Don't stamp it out: Our campaign to have the stamp duty holiday extended

Estate agents are predicting a “mad panic” over the next two months to complete house deals caught up in a log-jam of conveyancing work.

By Brian Ellis
Saturday, 30th January 2021, 12:40 pm
Tracy Phillips says estate agents have been 'very, very busy.'
Tracy Phillips says estate agents have been 'very, very busy.'

And today, property experts and home-buyers have shown support for a Post campaign to extend the stamp duty holiday beyond March 31 as solicitors, surveyors and mortgage lenders all battle to get the paperwork done on hundreds of sales across Lancashire.

With many admitting they are swamped with work due to Covid restrictions - the average time to complete is now said to be up to four months in the Preston area - there are real fears some buyers caught up in the frenzy will miss the deadline, costing them thousands of pounds in tax they hadn’t budgeted for.

“It is very much on people’s minds,” said John Wilson of Entwistle Green in Preston. “A lot of people are using March 31 as the deadline and are keen to get things completed before then.

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Some deals could collapse if they miss the March 31 deadline, warn agents.

“Solicitors are saying it is taking longer, mainly due to Covid. Some offices are closed or they are working from home. So there is a bit of a backlog. And it is going to be a mad panic over the next few weeks to get things completed.”

Chancellor Rishi Sunak is facing a petition signed by more than 100,000 people begging him “don’t stamp it out” completely on March 31 - or at the very least extend it for several weeks for those properties which are already under offer.

Some estate agents are predicting that sticking rigidly to the deadline could mean thousands of sales collapsing as buyers pull out and chains collapse.

Standish-based Tracy Phillips, whose patch includes Chorley, says anyone making an offer on a house from now on will be “unlikely” to benefit from the stamp duty break.

The housing market is booming thanks, in part, to the stamp duty holiday.

And some already part-way through the conveyancing process could be facing a hefty tax bill if they fail to get over the line by March 31 - cash they may not have factored in.

“In our experience the average sale is now taking between 12 and 16 weeks,” said Tracy. “Solicitors are busy and under real pressure at the moment because sales are taking longer to go through.

“Anything they take on now is unlikely to be able to benefit from the stamp duty holiday. Anything which was maybe pre-Christmas is still possible.

“It depends on all sorts of things like the length of the chain. If you have an empty property and a first-time buyer then that is likely to be quicker.

Chancellor Rishi Sunak is under increasing pressure to extend the deadline.

“But if there are half a dozen properties in the chain then the logistics are going to be much more difficult.”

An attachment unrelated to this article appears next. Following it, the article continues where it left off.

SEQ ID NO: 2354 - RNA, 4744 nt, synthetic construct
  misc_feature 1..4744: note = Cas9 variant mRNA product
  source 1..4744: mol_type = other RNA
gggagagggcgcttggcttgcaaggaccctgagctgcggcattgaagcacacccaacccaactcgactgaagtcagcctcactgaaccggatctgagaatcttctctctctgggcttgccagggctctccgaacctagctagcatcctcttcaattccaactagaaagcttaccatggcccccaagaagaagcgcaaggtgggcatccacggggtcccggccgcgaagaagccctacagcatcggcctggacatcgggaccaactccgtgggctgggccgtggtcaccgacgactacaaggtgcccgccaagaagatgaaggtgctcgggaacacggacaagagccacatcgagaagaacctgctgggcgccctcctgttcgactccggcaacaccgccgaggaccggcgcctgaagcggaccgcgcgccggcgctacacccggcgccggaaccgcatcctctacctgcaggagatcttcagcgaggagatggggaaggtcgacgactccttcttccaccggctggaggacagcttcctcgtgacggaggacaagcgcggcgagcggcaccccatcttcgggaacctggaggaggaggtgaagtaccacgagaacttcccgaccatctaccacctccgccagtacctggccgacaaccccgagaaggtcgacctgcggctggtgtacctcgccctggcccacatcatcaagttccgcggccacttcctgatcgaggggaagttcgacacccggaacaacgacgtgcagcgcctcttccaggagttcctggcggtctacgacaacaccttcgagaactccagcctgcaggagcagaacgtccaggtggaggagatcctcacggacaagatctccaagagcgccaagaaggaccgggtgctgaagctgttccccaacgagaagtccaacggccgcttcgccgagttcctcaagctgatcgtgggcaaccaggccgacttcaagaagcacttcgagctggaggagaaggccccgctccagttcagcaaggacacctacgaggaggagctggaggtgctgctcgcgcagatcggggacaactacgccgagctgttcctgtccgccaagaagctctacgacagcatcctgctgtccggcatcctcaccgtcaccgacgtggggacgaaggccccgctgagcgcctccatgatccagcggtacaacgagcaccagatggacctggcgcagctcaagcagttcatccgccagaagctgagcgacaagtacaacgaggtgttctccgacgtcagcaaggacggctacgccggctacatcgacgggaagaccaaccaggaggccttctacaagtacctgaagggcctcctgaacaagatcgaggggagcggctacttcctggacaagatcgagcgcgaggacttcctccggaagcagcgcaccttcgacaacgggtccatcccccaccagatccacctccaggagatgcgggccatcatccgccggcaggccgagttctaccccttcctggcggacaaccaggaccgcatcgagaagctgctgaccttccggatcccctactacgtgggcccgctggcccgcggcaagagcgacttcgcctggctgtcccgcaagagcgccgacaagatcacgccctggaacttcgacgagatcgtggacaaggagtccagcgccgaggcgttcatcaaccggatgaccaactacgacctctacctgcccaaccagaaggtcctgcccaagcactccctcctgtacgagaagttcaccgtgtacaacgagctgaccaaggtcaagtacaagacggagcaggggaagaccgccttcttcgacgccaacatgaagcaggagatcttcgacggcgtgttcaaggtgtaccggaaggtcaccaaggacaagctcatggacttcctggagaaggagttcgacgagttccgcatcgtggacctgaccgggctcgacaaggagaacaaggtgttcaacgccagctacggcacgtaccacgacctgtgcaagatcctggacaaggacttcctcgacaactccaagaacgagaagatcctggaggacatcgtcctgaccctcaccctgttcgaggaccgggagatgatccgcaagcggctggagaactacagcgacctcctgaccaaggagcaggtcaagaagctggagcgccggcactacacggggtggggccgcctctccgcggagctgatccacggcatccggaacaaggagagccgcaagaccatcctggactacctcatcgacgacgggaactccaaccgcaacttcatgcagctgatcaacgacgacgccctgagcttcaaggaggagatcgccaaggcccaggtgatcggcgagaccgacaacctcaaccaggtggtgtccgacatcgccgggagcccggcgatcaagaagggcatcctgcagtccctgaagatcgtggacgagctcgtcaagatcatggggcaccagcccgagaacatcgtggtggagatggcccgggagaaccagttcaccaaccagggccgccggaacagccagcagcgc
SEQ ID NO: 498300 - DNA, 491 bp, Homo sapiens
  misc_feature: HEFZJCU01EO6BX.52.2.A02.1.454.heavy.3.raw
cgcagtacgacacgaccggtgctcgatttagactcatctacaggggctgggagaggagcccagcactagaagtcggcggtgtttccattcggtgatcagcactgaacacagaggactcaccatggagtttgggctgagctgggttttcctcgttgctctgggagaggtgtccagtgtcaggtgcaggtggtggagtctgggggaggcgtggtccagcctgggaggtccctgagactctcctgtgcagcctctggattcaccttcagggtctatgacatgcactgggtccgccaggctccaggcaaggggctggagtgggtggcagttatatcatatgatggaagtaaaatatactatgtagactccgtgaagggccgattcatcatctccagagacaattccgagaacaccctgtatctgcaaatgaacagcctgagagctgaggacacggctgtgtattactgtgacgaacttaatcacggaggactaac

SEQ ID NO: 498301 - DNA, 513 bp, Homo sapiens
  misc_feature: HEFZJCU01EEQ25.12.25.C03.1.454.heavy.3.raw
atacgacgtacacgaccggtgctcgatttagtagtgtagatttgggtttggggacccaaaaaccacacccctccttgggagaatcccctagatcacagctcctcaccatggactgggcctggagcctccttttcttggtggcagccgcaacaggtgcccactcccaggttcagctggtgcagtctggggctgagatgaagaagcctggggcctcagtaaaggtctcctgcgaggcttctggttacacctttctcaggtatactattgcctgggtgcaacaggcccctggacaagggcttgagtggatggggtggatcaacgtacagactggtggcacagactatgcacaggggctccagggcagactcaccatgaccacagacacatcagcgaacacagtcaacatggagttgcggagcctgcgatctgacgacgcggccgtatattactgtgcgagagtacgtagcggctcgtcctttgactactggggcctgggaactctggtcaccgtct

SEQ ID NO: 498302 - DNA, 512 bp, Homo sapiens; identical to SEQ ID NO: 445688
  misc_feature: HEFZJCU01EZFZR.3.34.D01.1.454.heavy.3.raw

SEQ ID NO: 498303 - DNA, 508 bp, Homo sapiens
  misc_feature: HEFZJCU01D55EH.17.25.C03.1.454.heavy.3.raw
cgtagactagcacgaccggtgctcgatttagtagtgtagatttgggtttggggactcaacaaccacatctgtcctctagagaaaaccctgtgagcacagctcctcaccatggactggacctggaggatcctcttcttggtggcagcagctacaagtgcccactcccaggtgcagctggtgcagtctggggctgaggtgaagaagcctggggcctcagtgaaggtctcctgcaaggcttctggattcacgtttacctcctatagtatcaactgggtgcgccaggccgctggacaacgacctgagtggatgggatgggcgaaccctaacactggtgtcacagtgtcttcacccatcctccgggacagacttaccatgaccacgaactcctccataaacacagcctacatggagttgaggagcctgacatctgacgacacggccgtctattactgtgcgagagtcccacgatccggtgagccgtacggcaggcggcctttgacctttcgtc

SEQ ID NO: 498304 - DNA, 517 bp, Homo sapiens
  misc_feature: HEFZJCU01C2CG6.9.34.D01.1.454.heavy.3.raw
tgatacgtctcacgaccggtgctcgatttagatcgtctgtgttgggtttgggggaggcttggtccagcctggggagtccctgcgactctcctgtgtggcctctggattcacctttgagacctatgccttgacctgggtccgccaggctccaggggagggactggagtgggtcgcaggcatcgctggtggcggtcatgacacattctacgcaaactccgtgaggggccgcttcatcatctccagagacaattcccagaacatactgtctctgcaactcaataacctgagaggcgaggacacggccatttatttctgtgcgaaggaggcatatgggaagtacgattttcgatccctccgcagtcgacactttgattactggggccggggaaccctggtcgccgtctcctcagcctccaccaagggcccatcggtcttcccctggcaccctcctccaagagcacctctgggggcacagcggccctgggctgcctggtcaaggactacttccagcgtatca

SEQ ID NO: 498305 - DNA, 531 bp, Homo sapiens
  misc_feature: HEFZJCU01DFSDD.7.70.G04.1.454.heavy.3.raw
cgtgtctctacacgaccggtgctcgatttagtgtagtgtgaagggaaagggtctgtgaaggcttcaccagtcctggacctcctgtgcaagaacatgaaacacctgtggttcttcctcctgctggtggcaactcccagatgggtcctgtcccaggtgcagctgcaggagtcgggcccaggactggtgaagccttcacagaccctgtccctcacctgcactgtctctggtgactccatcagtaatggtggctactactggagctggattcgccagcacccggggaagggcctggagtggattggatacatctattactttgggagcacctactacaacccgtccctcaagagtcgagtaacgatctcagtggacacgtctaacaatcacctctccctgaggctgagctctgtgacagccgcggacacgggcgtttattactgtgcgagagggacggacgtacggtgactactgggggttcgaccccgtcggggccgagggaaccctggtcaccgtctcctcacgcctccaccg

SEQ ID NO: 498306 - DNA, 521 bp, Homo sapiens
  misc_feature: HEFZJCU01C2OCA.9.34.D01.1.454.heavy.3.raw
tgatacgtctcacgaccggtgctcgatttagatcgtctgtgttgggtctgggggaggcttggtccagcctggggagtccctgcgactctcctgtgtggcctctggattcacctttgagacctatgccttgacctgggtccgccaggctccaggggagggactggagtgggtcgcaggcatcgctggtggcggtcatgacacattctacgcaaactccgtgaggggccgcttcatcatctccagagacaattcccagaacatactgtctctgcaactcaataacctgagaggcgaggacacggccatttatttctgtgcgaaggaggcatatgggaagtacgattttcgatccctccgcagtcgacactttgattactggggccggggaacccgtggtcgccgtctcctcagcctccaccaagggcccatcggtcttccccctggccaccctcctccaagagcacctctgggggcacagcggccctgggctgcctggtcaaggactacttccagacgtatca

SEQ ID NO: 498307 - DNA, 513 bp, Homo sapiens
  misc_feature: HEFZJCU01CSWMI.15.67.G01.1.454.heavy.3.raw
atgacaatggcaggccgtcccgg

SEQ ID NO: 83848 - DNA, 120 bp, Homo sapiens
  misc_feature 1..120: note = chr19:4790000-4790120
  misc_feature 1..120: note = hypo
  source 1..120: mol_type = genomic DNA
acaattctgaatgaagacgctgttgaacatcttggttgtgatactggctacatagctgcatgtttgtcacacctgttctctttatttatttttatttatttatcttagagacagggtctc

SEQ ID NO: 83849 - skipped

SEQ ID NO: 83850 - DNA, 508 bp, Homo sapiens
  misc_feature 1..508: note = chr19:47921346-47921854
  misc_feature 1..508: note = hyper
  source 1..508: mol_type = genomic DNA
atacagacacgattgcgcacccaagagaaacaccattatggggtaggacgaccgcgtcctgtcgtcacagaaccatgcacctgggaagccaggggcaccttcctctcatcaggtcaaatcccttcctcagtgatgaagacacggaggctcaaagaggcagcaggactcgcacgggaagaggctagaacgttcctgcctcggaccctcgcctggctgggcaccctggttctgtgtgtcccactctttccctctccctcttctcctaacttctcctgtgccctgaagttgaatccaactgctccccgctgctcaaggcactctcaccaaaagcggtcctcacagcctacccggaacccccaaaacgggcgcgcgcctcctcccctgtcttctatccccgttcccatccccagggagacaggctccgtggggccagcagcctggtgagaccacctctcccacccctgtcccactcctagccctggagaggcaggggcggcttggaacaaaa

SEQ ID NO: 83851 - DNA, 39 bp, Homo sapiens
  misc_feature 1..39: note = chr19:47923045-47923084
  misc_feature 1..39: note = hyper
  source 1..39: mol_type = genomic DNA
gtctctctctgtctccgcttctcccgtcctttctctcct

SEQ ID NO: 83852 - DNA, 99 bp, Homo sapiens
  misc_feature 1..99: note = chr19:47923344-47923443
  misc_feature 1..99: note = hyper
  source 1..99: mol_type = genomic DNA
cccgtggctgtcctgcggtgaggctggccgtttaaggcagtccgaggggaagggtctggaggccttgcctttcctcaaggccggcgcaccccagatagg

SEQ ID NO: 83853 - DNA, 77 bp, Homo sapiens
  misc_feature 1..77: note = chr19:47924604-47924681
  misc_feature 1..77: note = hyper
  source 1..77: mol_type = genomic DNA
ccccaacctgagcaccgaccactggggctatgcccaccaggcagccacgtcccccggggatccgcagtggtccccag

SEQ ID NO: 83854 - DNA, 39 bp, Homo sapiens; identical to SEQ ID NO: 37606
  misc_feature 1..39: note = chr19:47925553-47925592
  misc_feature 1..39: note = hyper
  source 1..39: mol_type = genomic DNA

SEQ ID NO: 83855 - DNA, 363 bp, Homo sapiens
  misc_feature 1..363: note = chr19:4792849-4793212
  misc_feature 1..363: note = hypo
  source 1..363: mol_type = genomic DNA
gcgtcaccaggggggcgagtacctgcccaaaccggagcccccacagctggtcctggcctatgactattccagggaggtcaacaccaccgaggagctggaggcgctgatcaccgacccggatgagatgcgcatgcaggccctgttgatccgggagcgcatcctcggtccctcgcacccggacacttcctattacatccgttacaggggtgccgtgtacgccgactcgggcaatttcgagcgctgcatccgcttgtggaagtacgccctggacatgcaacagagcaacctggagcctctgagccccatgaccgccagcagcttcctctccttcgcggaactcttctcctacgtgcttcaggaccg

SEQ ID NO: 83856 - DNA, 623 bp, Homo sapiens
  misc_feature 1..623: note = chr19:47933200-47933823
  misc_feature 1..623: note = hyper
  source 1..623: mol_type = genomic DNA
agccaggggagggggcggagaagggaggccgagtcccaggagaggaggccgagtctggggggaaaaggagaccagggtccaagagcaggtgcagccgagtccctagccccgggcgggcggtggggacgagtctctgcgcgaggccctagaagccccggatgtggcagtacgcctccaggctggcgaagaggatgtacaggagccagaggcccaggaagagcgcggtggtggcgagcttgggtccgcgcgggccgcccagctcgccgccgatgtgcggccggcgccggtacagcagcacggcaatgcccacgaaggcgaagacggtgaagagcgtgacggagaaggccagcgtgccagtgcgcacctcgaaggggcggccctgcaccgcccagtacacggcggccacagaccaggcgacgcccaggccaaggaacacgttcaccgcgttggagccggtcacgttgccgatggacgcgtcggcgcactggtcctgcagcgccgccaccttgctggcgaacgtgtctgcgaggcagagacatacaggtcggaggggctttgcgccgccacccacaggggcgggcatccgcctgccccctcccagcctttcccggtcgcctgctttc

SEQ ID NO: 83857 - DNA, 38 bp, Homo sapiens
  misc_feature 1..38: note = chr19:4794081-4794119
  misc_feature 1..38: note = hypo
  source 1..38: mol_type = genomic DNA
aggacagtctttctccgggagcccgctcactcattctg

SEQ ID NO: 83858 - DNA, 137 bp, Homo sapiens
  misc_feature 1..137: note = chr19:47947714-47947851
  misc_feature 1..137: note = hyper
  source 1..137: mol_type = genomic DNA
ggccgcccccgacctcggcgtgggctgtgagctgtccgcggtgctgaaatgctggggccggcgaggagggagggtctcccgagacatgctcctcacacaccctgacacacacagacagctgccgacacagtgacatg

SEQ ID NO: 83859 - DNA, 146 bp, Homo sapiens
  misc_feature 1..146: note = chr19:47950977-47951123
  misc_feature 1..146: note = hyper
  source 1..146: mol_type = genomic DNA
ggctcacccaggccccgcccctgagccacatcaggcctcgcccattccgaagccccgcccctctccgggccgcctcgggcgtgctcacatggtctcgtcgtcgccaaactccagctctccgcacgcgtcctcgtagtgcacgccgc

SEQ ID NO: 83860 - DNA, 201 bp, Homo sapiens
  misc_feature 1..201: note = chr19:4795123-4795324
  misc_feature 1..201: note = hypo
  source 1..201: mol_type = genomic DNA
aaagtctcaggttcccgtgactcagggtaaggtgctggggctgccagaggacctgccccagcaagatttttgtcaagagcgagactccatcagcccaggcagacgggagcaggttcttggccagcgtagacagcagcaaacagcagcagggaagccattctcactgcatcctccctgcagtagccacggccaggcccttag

Despite Covid the property market has been enjoying a boom time in recent months and experts say the stamp duty holiday, introduced by Chancellor Rishi Sunak in July to help boost the economy, is not the only reason.

“It’s been very, very busy,” said Tracy. “But I don’t think it’s purely down to stamp duty. I think it’s many factors.

“The property market stopped during the first national lockdown and people spent a lot more time at home, so maybe that had something to do with it. Also interest rates are low and people haven’t been spending on holidays.

“I think people have looked at the stamp duty holiday as a bonus, but it hasn’t been the be-all-and-end-all.

“It has certainly encouraged people to move. I have clients who have said they were going to move next year, but decided to take advantage of it and move earlier.

“But it isn’t going to continue like this. We are on the crest of a wave at the moment and, as an estate agent, long may it continue.”

Antony Waring, Lancashire estate agent with Yopa, said: “The stamp duty holiday has really boosted the local market and given people a reason to move home despite an uncertain economy.

“With the amount of buyers who have been able to save on stamp duty, we have seen budgets increase, demand rocket and property prices inflate around Lancashire - not just in cities, but in suburbs and villages too.

“However, it will only be worth it if the purchase can complete before the deadline, so many conveyancers are now under pressure to ensure this happens.”

And Dale Anderson, MD of Fabrik Invest, a property investment company which is currently marketing the Bishopgate Gardens project in Preston city centre, said the stamp duty holiday had “created unnecessary anxiety” for both buyers and sellers.

“The stamp duty holiday has certainly helped boost the market,” he said. “Preston is still excellent value for money, so we don’t see the stamp duty rates affecting the demand much, as buy-to-let investors have turned to Preston for better rental yields.

"The stamp duty holiday has, however, created unnecessary anxiety for some buyers, and also sellers, who are under pressure to exchange and complete by this date.

“There have been calls for Rishi Sunak to relax the stamp duty holiday deadline to avoid a stressful house moving and completion chaos frenzy in the run up to the March 31. I am hopeful there will be an extension and some flexibility granted whereby investors can exchange and still qualify for the stamp duty saving at completion of the property transactions.”

Matthew Gould, sales director for Anwyl Homes Lancashire, added: “The impending deadline has created a sense of urgency amongst buyers and, while it would be great for the industry if the scheme was extended, it seems unlikely.

“Although, given the importance of the housing and construction sector to the wider economy, we are hopeful that Government might consider other supportive measures.”